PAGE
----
Poor Barack Obama…he may find himself unemployed at the tender age of 56, in January 2017. What to do? And how to top the job of President of the United States of America?
Two solutions spring to mind. Obama may move into the entertainment business, as a rock or movie star. I am sure people will scramble to buy tickets no matter how good or bad he would be with a guitar or on a cinema screen.
The other possibility is to become Pope. All he’ll have to do is a “Tony Blair” and convert to Roman Catholicism after leaving office. That’ll make him eligible to be elected as successor of Benedict XVI, most likely by popular acclamation like the Popes of old.
If anybody cannot believe in the above: just imagine telling anybody in 1951 that the main actor in “Bedtime for Bonzo” was bound to become one of the most beloved Presidents in history. Ah, and that a 15-year-old in Kenya was going to be the father of the 44th President.
It turns out, Pope Benedict was not so wrong after all.
Excerpts from “A Rescue of Religion” by John Gray, The New York Review of Books, Volume 55, Number 15 · October 9, 2008 – reviewing “Why Is There Something Rather Than Nothing?: 23 Questions from Great Philosophers” by Leszek Kolakowski, Basic Books:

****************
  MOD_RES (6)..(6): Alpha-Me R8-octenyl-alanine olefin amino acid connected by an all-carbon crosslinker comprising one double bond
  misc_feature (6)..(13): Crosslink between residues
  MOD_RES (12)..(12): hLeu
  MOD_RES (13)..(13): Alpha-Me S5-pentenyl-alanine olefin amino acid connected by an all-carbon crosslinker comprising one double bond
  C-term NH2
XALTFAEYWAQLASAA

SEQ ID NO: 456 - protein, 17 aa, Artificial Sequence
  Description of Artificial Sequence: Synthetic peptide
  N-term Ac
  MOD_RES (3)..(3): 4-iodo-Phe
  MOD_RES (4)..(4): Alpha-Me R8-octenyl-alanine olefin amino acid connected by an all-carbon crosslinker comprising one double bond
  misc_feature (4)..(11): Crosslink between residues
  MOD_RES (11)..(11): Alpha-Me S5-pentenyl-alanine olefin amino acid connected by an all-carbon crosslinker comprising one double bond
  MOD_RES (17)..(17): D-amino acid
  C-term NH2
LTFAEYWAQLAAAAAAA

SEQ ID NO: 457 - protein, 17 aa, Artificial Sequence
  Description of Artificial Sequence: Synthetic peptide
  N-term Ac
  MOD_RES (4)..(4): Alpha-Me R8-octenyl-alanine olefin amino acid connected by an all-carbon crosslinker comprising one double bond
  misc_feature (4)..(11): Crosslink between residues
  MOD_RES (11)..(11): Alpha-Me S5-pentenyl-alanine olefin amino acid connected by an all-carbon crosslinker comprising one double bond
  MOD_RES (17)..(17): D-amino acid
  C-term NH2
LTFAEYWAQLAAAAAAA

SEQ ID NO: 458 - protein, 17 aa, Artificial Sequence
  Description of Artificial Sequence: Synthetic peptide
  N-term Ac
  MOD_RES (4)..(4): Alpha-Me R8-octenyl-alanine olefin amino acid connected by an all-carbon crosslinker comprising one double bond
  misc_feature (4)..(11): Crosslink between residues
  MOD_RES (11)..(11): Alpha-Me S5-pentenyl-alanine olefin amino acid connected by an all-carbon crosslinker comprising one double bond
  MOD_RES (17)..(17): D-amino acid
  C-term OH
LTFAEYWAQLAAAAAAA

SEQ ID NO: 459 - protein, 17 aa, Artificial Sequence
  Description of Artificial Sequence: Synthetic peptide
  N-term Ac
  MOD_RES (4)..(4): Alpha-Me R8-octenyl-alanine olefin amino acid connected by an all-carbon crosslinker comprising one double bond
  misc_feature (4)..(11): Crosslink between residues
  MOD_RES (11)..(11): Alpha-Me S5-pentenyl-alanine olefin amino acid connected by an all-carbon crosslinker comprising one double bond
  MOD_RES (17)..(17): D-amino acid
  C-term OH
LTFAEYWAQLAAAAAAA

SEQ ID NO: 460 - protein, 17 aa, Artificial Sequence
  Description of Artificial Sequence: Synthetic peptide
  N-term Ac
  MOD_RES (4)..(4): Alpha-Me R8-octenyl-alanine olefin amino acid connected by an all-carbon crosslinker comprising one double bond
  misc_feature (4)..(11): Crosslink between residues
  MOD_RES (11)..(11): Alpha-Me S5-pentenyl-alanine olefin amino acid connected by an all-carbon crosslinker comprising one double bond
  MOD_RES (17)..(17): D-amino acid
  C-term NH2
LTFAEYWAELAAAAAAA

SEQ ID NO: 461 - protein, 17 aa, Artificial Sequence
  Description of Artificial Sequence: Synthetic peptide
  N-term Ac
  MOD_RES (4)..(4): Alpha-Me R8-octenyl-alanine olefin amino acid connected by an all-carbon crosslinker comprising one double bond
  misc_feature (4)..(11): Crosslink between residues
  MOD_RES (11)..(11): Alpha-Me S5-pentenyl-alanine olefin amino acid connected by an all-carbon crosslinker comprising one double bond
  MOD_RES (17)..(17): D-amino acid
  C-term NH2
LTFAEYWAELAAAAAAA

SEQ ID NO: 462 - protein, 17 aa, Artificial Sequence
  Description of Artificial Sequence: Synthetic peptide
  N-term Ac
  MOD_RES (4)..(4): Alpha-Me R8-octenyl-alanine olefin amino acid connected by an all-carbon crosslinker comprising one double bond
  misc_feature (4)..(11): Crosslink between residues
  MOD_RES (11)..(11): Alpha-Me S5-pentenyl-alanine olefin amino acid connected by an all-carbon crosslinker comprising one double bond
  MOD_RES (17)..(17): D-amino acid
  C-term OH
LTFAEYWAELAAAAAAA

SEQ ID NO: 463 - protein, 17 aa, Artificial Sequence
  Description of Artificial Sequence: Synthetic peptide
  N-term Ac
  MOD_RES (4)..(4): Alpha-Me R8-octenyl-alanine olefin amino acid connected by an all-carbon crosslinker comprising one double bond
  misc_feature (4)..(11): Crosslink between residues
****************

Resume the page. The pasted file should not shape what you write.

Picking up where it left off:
It is part of Kolakowski’s achievement as the greatest living intellectual historian to have tracked the ways in which religion has shaped Western thought. His work is, in effect, a sustained argument for the irreducible presence of religion in intellectual life and in society. In Kolakowski’s view the secular movements of the last century, such as communism, [...] deployed categories of thought, including a view of history as a narrative having a consummation or end-point, which are inheritances from Western monotheism. [...] Religion was not in truth superseded, either in Marx’s thought or in the movements Marx inspired. Instead, the promise of salvation reemerged as a project of universal emancipation.
The renewal of religious categories of thinking in avowedly secular systems of ideas [...] continued in the ideology of neoconservatism. The notion of the end of history [...] derives from religious traditions of apocalyptic myth. [...] Presupposing as they do a teleological view of history that cannot be stated in empirical terms, all such theories are religious narratives translated into secular language. [...]
Religion has had a formative influence on our categories of thought, which it is the task of philosophy to examine. Excavating the archaeology of our concepts is a part of philosophical inquiry. For us, that inescapably involves tracing their debts to Judaism and Christianity. Any way of doing philosophy that neglects these traditions is unhistorical and impoverished.
There are some philosophers for whom the only place for religion in philosophical inquiry is that of a bogey, a specter of irrationality that must be exposed and expelled so that philosophy can be an entirely secular discipline. As Kolakowski has argued, however, a good deal of secular thought has been shaped by Western religion. Exorcising religion is harder than it seems.
Richard Dawkins where art thou?